We wanted to look at these firearms, aka shotguns, through the lens of a home-defense gun and vehicle gun. A 5.11 LV M4 Shorty ($125; was used as a discreet, low-visibility vehicle case. All three shotguns fit in the case, and the case can be worn as a backpack or as a crossbody bag plus. It also has a grab handle, so you can carry it like a typical long-gun bag. A strap attached to MOLLE webbing inside the case keeps the weapon in place. There is a large and small outside pocket to store other EDC go-bag-type gear. The large pocket has MOLLE webbing in it so you can add magazine pouches. This bag can also be used to carry a disassembled AR. We attached two 5.11 five-round shotgun carriers ($39). These two strips attached to the MOLLE inside the case and gave us 10 additional shells for reloading without fumbling for loose rounds in pockets. We found that, with practice, we could draw the Remington and Garaysar from the bag relatively fast. With the Armscor, we had to take off the bag, remove the gun, and insert a magazine. For a less discreet carry, we opted for a 19-inch Tactical Shotgun Scabbard ($32;, which has MOLLE webbing on both sides so you can attach it to the sides or back of a backpack or, with the sling, you can wear it crossbody. It has four shell holders, and it worked with the Garaysar and Remington, but not the Armscor. Slung over the shoulder, the scabbard slid down our backs so the grip was not accessible for an over-the-shoulder draw. We found that if we held the bottom of the scabbard or sling with our support hand, we could pull the shotguns out with our shooting hand over the shoulder. The scabbard is less secure than a holster, but it allows the shooter to easily transport the tube-magazine guns with a reload. Notably, the Fear-118 fit the scabbard, even with its extended charging handle.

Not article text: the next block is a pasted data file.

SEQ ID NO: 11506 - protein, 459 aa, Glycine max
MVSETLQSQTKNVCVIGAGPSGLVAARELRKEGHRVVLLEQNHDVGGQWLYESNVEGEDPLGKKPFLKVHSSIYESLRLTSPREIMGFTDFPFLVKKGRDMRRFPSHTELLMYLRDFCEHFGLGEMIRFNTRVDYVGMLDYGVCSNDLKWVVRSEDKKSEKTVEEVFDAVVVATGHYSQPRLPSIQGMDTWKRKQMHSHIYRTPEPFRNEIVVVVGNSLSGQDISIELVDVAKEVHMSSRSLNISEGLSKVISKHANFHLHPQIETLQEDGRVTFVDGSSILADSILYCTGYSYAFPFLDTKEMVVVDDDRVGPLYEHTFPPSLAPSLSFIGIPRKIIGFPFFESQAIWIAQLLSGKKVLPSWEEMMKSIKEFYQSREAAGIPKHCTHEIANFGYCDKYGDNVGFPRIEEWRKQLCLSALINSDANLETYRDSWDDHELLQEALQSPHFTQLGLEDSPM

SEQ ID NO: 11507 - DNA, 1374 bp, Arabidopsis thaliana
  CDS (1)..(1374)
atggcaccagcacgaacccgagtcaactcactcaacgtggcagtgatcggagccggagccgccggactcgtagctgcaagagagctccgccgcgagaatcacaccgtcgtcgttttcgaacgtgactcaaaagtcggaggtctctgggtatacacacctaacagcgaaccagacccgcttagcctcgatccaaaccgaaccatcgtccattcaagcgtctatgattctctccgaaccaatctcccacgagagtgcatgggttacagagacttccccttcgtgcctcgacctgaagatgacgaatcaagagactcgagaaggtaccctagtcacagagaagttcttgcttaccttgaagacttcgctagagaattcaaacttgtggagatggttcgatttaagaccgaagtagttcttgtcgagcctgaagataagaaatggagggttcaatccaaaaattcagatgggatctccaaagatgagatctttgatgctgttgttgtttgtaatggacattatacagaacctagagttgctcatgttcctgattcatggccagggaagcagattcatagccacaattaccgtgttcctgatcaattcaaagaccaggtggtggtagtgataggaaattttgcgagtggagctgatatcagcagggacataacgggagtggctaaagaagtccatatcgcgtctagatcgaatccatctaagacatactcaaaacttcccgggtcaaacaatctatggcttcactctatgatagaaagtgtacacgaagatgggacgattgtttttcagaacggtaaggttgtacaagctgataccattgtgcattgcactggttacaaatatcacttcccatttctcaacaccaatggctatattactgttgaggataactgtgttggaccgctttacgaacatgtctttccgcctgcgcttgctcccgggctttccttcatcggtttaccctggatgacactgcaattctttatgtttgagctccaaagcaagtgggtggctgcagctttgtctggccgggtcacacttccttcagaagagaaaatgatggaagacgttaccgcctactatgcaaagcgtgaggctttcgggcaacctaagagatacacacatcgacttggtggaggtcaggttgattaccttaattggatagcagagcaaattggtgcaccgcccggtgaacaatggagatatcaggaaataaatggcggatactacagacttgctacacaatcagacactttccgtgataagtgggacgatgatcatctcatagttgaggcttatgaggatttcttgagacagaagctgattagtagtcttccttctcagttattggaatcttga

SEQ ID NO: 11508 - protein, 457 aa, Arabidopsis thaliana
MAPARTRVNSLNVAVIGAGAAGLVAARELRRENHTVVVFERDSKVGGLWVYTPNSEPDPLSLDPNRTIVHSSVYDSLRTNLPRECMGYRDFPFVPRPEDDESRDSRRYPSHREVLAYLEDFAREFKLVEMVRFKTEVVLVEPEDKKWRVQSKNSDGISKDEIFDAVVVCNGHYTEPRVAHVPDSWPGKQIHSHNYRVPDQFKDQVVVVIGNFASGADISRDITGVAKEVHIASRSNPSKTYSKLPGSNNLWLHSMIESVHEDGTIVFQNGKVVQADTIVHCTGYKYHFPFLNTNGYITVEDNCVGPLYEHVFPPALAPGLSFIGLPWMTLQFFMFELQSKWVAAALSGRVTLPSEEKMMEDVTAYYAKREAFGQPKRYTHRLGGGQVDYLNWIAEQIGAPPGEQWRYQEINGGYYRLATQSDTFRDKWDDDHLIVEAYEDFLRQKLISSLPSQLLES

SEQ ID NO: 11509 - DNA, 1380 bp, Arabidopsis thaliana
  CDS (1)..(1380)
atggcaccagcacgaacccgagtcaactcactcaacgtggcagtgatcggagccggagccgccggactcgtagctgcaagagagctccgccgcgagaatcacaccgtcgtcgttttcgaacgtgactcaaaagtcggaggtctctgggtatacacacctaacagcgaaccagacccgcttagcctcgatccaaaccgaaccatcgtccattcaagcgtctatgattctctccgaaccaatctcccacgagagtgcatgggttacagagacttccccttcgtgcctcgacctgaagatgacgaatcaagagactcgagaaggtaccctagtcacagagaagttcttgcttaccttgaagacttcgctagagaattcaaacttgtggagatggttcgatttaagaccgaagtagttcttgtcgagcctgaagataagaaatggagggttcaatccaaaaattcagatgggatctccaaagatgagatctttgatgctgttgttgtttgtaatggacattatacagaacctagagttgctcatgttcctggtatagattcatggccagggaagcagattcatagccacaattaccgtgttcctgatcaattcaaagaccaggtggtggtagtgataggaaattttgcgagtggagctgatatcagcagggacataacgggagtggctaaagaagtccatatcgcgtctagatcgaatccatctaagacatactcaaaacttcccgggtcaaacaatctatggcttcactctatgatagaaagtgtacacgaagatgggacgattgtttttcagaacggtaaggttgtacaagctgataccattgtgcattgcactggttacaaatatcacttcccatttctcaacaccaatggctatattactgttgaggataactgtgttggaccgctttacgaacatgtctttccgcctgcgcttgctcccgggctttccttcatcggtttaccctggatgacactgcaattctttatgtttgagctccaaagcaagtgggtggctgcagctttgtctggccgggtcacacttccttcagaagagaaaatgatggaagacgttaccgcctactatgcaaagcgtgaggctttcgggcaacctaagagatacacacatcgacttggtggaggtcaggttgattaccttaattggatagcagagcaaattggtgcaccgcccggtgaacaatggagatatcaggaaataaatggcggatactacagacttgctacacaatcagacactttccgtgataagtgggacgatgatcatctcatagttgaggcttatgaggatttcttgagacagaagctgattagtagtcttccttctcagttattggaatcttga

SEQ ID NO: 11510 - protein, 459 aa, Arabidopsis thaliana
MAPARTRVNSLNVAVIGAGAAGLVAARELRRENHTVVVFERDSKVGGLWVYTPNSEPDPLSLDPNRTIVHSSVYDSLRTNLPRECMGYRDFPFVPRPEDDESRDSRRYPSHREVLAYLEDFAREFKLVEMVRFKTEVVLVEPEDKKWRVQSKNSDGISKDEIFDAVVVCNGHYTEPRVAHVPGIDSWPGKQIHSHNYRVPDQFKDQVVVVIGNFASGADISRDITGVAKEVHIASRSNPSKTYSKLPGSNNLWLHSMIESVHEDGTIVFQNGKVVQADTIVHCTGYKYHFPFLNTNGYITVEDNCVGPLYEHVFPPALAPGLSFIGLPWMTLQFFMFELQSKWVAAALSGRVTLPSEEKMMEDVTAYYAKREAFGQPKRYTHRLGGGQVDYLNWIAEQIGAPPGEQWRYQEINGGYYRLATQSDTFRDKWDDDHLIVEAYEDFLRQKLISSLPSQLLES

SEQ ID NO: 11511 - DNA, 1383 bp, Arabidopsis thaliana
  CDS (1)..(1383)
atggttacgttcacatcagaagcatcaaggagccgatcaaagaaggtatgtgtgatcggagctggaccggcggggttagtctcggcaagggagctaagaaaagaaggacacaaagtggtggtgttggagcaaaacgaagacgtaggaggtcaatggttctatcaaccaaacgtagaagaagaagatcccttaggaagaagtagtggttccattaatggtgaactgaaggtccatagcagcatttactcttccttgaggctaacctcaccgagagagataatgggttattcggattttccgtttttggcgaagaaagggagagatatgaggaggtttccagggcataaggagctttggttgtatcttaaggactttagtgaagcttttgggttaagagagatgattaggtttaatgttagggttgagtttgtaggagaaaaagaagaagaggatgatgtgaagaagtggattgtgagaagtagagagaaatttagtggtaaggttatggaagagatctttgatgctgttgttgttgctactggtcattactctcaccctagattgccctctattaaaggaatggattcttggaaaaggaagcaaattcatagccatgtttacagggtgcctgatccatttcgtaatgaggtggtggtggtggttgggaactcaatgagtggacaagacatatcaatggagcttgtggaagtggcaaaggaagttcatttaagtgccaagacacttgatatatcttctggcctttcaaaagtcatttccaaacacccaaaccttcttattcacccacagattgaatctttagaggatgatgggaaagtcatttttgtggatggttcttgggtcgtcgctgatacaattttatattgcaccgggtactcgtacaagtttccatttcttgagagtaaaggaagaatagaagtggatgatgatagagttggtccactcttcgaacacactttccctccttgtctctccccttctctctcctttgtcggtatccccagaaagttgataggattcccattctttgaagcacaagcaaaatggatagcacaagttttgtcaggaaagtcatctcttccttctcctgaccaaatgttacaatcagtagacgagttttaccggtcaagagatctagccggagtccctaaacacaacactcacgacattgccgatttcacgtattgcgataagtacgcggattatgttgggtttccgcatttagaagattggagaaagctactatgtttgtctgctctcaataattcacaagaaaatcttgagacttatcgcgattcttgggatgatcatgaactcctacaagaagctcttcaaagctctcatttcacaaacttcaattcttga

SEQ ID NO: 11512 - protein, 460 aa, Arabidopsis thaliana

The Garaysar Fear-118 shows the effectiveness of choke tubes to control pattern density, particularly the birdshot.

Test ammo consisted of all 23⁄4-inch shells with 00 buckshot loads from Hornady Critical Defense, Aguila, and Sellier & Bellot. We also tested bird shot in a high-velocity load with No. 71⁄2 shot from Fiocchi. We wanted to see if a less penetrating load like the bird shot would produce tight patterns in the event of a home invasion. Bird shot offers less penetration than buck shot and that could be a consideration if you have family living with you. Sheetrock acts like tissue paper when buck shot passes through it, and the shot still has power to inflict grave injuries. We also used some light target loads to see if any of the gas system would choke. The Armscor did, but only because we had the high-velocity gas piston and spring installed.